Recap– Mad Decent Block Party

    Remember the Vans Warped Tour? Well, the Mad Decent Block Party is exactly like that, but instead of high school kids smoking cigarettes and ditch weed while complaining about their parents, you have club kids taking Molly and complaining about how the universe is one. Or something.


    If you didn’t understand the above paragraph because, as a teenager, you weren’t cool enough to see Fall Out Boy before they got famous (I was unfortunately this cool), here’s a much, much more basic overview of what the Mad Decent Block Party is. Mad Decent is a dance music label in Philadelphia. It is owned in part by Diplo, who is also its biggest star and also stars in Blackberry commercials sometimes. Every year, they have a party. It is usually on a block, and it is usually in Philadelphia. However, in the past two years the party has grown in notoriety to the degree that Mad Decent tends to have their block parties in many different cities, and they’re now too big to be contained to a mere block. I went to the one this weekend in Philadelphia.


    Okay, now that you understand anything and everything about the Mad Decent Block Party, here’s why this year’s block party was extra special: because not only was Diplo going to be there, but at the Block Party afterparty, he was also going to reunite with DJ Low Budget to re-form their Hollertronix duo for the first time in years.


    As I said earlier, the Mad Decent Block Party was not actually on a block this year. Instead, it was at this place called “The Piazza,” which is a square that is surrounded by recently-erected buildings that will sell you goods if you let them. Das Racist seemed slightly perturbed by this disturbing proximity to capitalism.


    Anyways, remember the whole Mad Decent Block Party is like the Vans Warped Tour thing? Well, just as it was a 95 degrees when you went to your local mega-venue for some pop-punk-rockin’, it was also 95 degrees in “The Piazza.” The heat was interrupted by a brief torrential downpour right before the first act went on, though, which dropped the temperature five degrees but upped the humidity to the point that the air was so thick you could cut it with one of the knives that security was confiscating at the gates.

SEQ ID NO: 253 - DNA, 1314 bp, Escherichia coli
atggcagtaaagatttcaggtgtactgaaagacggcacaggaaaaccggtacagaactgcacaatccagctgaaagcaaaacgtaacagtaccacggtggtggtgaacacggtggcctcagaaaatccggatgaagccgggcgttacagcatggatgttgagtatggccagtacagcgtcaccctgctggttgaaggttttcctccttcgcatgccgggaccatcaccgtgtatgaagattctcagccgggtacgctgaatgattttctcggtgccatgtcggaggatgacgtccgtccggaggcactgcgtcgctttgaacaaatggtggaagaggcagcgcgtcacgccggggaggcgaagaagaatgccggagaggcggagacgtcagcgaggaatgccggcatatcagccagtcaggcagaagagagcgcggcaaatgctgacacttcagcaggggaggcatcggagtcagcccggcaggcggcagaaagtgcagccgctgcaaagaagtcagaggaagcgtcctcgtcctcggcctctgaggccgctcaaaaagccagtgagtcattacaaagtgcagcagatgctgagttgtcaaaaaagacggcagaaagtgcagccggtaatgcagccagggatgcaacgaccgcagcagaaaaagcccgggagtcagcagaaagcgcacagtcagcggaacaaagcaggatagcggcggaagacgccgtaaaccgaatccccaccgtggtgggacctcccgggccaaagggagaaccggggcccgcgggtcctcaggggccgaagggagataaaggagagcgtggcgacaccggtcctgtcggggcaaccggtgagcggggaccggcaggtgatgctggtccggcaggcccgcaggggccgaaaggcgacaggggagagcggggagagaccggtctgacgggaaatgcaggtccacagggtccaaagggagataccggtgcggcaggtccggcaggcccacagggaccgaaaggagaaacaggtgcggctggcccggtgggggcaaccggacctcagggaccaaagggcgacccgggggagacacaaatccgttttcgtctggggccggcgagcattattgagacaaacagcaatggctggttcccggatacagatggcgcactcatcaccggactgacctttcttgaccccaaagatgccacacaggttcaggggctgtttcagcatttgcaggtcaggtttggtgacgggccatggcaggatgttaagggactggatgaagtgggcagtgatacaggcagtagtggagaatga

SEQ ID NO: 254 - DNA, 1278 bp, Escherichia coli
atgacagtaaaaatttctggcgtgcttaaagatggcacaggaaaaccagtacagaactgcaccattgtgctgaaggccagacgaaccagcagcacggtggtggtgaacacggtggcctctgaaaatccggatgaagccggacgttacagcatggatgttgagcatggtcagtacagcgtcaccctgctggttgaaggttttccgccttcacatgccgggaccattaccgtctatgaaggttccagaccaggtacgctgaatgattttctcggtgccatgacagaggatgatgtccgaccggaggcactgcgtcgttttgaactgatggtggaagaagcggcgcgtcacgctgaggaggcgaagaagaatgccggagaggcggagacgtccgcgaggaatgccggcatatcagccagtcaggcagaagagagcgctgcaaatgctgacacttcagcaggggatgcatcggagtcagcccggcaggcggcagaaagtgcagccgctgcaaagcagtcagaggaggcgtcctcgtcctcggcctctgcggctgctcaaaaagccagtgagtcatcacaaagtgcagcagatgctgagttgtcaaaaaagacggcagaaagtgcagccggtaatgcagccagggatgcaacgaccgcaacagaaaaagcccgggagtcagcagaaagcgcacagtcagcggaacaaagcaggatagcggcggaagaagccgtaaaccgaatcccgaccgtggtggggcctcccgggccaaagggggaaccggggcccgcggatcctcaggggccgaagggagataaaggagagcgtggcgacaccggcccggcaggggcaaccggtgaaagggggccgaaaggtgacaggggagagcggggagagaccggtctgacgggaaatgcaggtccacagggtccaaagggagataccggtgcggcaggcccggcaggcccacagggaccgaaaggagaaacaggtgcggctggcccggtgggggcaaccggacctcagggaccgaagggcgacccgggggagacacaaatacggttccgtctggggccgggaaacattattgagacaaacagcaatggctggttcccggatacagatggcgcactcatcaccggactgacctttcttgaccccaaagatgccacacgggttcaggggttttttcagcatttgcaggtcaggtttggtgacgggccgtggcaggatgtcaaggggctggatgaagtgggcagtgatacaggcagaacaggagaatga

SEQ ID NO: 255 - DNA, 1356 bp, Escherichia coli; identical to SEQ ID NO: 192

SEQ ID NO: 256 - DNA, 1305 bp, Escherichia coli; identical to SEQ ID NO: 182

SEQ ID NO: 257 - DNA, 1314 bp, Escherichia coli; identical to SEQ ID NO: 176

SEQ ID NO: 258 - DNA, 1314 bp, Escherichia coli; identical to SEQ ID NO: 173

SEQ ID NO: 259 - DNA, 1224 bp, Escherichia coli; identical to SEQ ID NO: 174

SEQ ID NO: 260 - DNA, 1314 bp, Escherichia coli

The first couple of acts were DJs that had to perform outside a hamburger joint due to technical difficulties, followed onstage by the Brick Bandits crew, an almost comically large DJ collective. Being saddled with the responsibility of going first (onstage at least) seemed to be to their liking, and they were fully prepared to rock the party like it was 2 a.m. on a Saturday night even if it so happened to be 3:15 on a Sunday afternoon. However, with great responsibility comes great power, or in Brick Bandits’ case, a substantial lack thereof. That’s right, the rain that had served as the opening act of this shindig had blown something electrical backstage and the first half of their set would be plagued by sound issues that even the insane energy put off by their hype men couldn’t redeem. However, during the second half of the set they finally got things working and everybody started losing their shit just in time to have the Brick Bandits’ set be over with. Sorry, Brick Bandits. Next time, okay?


    However, the momentum was tripped up by Po Po, a rock band signed to Mad Decent. Now, I’m not saying that Po Po is a bad band, or even a bad live band. But following up a DJ set that had seen the Brick Bandits overcome herculean odds to scrap together some momentum, you want more DJs, not twenty-five minutes of disinterested guitar noodling.


    Das Racist came out next, but only after their DJ had played four Dipset songs in a row– I guess as a palate-cleanser for whatever club music had played before– and proceeded to try to educate the audience on some of the finer points of racism in America/make jokes.  It was good—especially when they performed their new single “Michael Jackson”—and I particularly appreciated Heems’ explanation of “tiny dance moves,” which is sort of a hard thing to explain but makes perfect sense when you watch it for yourself.


    Following DR was DJ Paul Devro, who was followed by DJ Sega’s particularly gully brand of Philly Club music, and following that was Diplo, whose set was made up almost exclusively of all of the songs hard-wired into hipster brains. When he dropped Tyler, the Creator’s “Yonkers,” it was like five thousand entry-level alt heads exploded, including mine.


    Okay, on to Hollertronix. I was unable to stay for the duration of the historical set– for reasons related to alcohol intake (sorry mom), hand stamp erasure and bouncers– but Low Budget and Diplo tore it up together like they hadn’t spent the past few years not tearing it up together. The thirty or so minutes of their set that I managed to catch was some of the finest DJing I had ever seen. Trust me. I’ve seen Skrillex twice!


    And that, as they say, was that. Shouts out to DJ Stumble for playing excellent host, Gun$ Garcia for letting me play with her dog, and Diplo for retweeting this gif of someone knocking his DJ table over at like three in the morning.